Well, five years since writing the article, peace has not prevailed. And the celebrations are not free. But my youngest son, Michael, is now 14, which was my age back in 1974, when my dad took me for the first time to attend the Holy Fire celebration, thus beginning my own journey to carry the cherished banner every year and be blessed with that honor. It is my intention to introduce Michael to this family tradition this year — in the hope that in another 40 years, he may in turn introduce his youngest child, and the tradition will go on!

Let us all keep the faith and hope alive. Happy Easter to all, far and near!



2 April 2015
Greg Kandra




In this image from 2014, Christians carry a cross during a procession along Via Dolorosa in Jerusalem's Old City on Good Friday. (photo: CNS photo/Ammar Awad, Reuters)



2 April 2015
Greg Kandra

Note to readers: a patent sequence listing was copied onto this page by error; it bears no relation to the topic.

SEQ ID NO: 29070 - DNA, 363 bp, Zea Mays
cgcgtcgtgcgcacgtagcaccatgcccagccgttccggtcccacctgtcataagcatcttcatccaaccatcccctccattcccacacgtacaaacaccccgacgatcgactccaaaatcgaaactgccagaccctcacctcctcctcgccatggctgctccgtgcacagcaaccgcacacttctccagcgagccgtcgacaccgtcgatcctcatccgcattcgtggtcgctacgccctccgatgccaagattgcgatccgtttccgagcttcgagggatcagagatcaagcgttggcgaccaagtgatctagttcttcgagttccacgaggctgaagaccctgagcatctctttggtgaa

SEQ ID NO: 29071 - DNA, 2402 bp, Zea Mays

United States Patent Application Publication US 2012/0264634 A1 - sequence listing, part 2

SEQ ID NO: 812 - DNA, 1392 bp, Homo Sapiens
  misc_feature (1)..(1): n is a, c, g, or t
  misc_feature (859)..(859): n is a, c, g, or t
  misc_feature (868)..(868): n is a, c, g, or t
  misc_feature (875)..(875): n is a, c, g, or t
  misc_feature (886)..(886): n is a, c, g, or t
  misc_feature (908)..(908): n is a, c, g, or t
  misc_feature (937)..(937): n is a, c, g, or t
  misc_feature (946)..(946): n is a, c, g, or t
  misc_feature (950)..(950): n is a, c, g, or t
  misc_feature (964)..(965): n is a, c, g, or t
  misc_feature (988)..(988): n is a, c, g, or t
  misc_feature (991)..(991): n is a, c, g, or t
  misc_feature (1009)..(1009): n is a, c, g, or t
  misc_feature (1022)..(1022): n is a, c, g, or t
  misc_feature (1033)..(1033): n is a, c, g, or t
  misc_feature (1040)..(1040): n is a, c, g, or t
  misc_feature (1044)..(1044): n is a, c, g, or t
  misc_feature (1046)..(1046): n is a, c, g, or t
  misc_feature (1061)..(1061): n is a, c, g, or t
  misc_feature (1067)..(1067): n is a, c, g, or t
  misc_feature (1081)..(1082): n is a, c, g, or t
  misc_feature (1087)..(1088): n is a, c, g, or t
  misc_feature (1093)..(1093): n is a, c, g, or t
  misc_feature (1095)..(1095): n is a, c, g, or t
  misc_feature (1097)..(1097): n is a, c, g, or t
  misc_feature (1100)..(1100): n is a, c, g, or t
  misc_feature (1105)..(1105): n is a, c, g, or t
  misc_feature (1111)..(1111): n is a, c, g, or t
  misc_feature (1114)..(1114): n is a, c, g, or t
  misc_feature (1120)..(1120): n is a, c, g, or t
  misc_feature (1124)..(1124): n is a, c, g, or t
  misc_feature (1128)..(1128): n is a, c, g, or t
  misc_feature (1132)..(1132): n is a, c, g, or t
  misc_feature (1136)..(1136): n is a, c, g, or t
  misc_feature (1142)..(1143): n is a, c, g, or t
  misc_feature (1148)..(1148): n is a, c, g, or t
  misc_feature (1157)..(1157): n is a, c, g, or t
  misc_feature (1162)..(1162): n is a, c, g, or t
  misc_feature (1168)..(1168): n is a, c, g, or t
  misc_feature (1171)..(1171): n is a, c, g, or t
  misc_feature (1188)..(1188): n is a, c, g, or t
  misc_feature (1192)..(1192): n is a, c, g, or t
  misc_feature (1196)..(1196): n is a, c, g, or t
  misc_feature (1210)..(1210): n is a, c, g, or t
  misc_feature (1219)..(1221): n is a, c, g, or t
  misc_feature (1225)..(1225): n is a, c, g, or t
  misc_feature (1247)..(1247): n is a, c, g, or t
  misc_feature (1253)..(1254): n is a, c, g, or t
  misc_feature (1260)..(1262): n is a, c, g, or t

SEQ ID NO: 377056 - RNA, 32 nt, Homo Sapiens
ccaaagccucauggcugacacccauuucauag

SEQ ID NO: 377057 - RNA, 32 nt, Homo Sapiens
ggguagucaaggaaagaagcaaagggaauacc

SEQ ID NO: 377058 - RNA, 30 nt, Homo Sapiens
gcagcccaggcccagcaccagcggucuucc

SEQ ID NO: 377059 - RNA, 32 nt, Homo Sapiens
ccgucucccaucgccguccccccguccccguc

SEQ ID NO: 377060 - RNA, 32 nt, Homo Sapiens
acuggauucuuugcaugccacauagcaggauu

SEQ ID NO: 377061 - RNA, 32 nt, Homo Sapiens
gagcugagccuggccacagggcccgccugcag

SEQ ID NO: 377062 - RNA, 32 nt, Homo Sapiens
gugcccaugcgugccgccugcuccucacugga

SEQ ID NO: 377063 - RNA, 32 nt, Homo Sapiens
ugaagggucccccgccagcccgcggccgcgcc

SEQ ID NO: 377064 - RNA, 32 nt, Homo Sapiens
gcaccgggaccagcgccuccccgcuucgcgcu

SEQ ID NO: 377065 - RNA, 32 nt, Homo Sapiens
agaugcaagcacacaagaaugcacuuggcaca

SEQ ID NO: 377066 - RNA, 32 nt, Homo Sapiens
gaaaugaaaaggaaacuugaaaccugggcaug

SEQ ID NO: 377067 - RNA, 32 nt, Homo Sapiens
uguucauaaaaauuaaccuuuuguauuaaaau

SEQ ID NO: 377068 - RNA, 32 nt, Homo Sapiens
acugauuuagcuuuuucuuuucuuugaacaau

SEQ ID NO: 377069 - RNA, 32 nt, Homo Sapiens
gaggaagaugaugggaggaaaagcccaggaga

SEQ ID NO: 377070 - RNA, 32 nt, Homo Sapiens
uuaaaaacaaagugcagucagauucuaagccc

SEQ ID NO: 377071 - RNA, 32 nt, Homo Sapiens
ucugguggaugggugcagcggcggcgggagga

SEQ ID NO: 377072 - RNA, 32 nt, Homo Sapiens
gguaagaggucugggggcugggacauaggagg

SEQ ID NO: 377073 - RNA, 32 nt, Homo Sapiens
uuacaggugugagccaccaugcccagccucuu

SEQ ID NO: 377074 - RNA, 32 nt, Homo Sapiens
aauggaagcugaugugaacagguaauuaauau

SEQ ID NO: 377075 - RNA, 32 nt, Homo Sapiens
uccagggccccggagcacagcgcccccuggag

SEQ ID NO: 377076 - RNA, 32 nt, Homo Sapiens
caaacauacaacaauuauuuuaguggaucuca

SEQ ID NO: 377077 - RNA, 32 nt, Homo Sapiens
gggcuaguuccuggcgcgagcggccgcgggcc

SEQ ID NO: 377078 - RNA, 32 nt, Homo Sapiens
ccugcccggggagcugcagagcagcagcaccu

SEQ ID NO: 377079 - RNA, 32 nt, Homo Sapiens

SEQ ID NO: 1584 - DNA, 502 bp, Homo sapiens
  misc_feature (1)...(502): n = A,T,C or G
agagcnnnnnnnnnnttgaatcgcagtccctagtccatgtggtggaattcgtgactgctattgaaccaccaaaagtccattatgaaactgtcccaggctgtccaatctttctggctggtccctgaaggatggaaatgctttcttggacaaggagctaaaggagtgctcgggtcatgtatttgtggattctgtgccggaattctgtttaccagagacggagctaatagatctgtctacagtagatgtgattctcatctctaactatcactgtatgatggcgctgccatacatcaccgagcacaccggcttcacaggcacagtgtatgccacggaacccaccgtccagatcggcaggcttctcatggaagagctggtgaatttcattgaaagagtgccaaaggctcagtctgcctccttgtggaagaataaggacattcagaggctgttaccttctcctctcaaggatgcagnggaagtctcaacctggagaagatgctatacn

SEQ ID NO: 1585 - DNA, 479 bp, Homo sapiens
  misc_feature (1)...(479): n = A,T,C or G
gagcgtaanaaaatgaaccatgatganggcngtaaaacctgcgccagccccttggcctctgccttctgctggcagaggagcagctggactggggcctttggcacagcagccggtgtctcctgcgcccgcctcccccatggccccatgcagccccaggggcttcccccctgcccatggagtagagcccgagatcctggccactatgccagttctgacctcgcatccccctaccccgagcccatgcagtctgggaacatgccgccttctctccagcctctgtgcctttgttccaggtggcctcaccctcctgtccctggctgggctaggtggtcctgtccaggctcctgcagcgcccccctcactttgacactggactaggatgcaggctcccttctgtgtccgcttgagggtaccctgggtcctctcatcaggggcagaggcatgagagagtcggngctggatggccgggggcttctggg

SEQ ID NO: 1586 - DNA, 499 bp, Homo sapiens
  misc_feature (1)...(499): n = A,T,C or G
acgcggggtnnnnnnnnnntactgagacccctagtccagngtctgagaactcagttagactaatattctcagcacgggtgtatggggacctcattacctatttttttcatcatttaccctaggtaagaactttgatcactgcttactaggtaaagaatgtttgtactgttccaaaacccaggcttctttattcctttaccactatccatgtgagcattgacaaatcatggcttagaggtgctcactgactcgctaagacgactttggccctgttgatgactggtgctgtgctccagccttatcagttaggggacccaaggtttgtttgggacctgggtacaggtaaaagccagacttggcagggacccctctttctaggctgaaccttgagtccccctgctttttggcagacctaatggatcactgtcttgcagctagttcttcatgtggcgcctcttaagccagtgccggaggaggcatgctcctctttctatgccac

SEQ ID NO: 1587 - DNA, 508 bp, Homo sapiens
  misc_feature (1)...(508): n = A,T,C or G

In this image from November, Pope Francis and Ecumenical Patriarch Bartholomew of Constantinople congratulate each other after signing joint declaration at patriarchal Church of
St. George in Istanbul. (photo: CNS/Grzegorz Galazka, pool)


Patriarch: “urgent need” for reconciliation with Catholic Church (CNS) Reconciliation between the Catholic and Orthodox churches is urgently needed, said Ecumenical Patriarch Bartholomew of Constantinople in an extensive interview with a prominent Jesuit journal. Due to great suffering and injustice around the world, “today, perhaps even more than 50 years ago, there is a greater and more urgent need for reconciliation,” he told Jesuit Father Antonio Spadaro, editor of Civilta Cattolica. In the interview, which was available online 1 April, the patriarch suggested collaborating with Pope Francis in “common action” on social justice issues...

Church leaders say Easter offers hope amid violence (Vatican Radio) The leaders of Christian Churches in Jerusalem have issued a message for Easter, calling the Holy City a source of hope that “springs from the Resurrection” and urging “people everywhere not to fall into despair” over the recent violence threatening the region. The Church leaders express deep distress over the level of violence “still being falsely perpetrated in the name of religion in parts of the Middle East and elsewhere in recent times...”